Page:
#1
Okay, I'll admit I liked School of Rock back in the day, but it's getting ****ing annoying. It's been poking at me for awhile now, but his appearance at the VMA's tonight was the straw that broke the camel's back for me. It's a shame, because I thought he was very funny when he was just being a crazy down-on-his-luck scamp teaching 10-year-olds about music, or selling va-poo-rize. I mean... he was wearing fake muscles, a t-shirt advertising his new video game (which also capitalizes on his "br00talz" image), and prayed to Satan on stage. If he were really a Satanist, fine, but he's just doing that to fit the "metal" image.

Inb4 "lololol VMA's are for tools".
Inb4 "lololol Jack Black."
He's a freak of nature, but we love him so.

Quote by John Frusciante
Music isn't the Olympics. It's not about showing other people what you can do with a piece of wood in your hands that has strings on, it's about making sounds that are good.
#2
Tenacious D

And the Pick of Destiny


Both rule.
I will stand by all this drinking if it helps me through these days,
It takes a long time just to get this all straight.
#6
I'm sorry, I don't watch television. What is it that's bothering you, and what's the discussion you are presenting?
#7
irony
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i⋅ro⋅ny
1  /ˈaɪrəni, ˈaɪər-/ Show Spelled Pronunciation [ahy-ruh-nee, ahy-er-] Show IPA
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–noun, plural -nies.
1. the use of words to convey a meaning that is the opposite of its literal meaning: the irony of her reply, “How nice!” when I said I had to work all weekend.
2. Literature.
a. a technique of indicating, as through character or plot development, an intention or attitude opposite to that which is actually or ostensibly stated.
b. (esp. in contemporary writing) a manner of organizing a work so as to give full expression to contradictory or complementary impulses, attitudes, etc., esp. as a means of indicating detachment from a subject, theme, or emotion.
3. Socratic irony.
4. dramatic irony.
5. an outcome of events contrary to what was, or might have been, expected.
6. the incongruity of this.
7. an objectively sardonic style of speech or writing.
8. an objectively or humorously sardonic utterance, disposition, quality, etc.
Origin:
1495–1505; < L īrōnīa < Gk eirōneía dissimulation, sarcasm, understatement, equiv. to eírōn a dissembler + -eia -y 3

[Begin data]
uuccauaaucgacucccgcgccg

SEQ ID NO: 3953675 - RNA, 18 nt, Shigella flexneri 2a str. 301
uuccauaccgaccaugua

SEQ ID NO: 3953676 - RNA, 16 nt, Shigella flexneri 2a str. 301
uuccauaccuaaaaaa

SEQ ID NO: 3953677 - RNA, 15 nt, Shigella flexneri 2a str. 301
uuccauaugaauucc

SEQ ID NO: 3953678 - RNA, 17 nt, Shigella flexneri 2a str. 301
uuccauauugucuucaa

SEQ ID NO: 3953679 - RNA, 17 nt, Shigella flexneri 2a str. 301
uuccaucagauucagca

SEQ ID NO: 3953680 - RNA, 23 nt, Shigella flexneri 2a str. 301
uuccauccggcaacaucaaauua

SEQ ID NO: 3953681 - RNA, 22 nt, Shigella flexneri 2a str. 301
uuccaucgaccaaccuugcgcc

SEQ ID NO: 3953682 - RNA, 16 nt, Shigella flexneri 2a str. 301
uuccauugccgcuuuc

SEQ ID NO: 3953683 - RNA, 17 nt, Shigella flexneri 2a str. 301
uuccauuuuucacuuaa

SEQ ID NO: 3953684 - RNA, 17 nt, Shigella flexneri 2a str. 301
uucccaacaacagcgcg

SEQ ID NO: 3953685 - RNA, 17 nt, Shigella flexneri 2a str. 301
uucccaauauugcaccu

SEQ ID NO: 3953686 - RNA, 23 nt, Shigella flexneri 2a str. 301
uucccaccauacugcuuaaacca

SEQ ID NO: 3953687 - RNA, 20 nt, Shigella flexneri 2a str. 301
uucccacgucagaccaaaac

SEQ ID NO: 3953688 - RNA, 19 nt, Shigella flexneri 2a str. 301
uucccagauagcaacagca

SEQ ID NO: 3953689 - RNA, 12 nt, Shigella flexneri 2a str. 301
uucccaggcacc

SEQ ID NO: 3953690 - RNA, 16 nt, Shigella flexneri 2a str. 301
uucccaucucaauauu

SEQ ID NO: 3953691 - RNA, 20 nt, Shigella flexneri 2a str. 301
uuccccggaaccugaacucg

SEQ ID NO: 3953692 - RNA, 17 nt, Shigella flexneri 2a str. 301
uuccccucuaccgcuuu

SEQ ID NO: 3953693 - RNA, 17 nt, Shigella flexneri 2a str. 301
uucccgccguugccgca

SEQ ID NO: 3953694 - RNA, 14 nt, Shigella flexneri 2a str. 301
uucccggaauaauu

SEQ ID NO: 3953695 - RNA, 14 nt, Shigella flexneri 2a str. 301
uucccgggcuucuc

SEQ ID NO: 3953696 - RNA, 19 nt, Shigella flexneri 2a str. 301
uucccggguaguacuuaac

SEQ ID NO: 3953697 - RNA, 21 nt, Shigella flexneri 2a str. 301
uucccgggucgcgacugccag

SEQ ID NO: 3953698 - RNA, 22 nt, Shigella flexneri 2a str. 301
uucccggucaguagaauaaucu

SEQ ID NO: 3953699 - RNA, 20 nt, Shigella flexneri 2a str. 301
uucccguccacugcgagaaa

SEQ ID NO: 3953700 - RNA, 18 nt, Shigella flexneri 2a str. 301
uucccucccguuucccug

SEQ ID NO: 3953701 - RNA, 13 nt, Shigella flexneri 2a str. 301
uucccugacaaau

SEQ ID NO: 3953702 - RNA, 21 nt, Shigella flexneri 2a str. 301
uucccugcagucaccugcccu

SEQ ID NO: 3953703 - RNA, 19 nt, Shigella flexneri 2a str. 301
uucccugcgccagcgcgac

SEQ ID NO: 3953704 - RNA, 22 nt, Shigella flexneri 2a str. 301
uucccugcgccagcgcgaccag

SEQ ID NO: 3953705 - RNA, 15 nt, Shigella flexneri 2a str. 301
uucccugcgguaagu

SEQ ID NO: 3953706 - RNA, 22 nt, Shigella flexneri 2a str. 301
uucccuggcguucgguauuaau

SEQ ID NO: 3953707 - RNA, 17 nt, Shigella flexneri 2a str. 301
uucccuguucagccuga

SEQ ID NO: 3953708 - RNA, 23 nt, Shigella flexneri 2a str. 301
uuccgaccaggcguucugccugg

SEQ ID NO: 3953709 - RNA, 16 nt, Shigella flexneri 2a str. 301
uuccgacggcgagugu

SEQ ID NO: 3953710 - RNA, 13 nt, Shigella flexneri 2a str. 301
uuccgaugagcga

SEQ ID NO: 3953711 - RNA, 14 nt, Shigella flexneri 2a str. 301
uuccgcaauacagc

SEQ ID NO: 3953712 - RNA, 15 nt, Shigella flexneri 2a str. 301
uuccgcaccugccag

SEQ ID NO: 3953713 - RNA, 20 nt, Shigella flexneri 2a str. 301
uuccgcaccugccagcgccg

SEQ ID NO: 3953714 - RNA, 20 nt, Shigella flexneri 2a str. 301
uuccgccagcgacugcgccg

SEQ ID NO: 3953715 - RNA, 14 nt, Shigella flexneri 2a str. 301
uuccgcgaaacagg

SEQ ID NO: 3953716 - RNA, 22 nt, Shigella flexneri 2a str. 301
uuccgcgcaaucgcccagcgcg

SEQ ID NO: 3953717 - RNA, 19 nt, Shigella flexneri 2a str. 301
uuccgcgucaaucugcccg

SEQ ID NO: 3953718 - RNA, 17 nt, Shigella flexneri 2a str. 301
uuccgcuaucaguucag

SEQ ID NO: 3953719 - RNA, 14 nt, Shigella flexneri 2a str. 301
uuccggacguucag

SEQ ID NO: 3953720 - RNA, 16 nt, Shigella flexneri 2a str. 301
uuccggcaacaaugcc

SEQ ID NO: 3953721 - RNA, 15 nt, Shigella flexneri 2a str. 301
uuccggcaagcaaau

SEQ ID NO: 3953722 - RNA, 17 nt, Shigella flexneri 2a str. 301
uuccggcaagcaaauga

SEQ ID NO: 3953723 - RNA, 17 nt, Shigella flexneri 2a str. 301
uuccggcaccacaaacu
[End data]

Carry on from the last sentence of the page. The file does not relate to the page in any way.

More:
Synonyms:
1, 2. Irony, sarcasm, satire indicate mockery of something or someone. The essential feature of irony is the indirect presentation of a contradiction between an action or expression and the context in which it occurs. In the figure of speech, emphasis is placed on the opposition between the literal and intended meaning of a statement; one thing is said and its opposite implied, as in the comment, “Beautiful weather, isn't it?” made when it is raining or nasty. Ironic literature exploits, in addition to the rhetorical figure, such devices as character development, situation, and plot to stress the paradoxical nature of reality or the contrast between an ideal and actual condition, set of circumstances, etc., frequently in such a way as to stress the absurdity present in the contradiction between substance and form. Irony differs from sarcasm in greater subtlety and wit. In sarcasm ridicule or mockery is used harshly, often crudely and contemptuously, for destructive purposes. It may be used in an indirect manner, and have the form of irony, as in “What a fine musician you turned out to be!” or it may be used in the form of a direct statement, “You couldn't play one piece correctly if you had two assistants.” The distinctive quality of sarcasm is present in the spoken word and manifested chiefly by vocal inflection, whereas satire and irony, arising originally as literary and rhetorical forms, are exhibited in the organization or structuring of either language or literary material. Satire usually implies the use of irony or sarcasm for censorious or critical purposes and is often directed at public figures or institutions, conventional behavior, political situations, etc.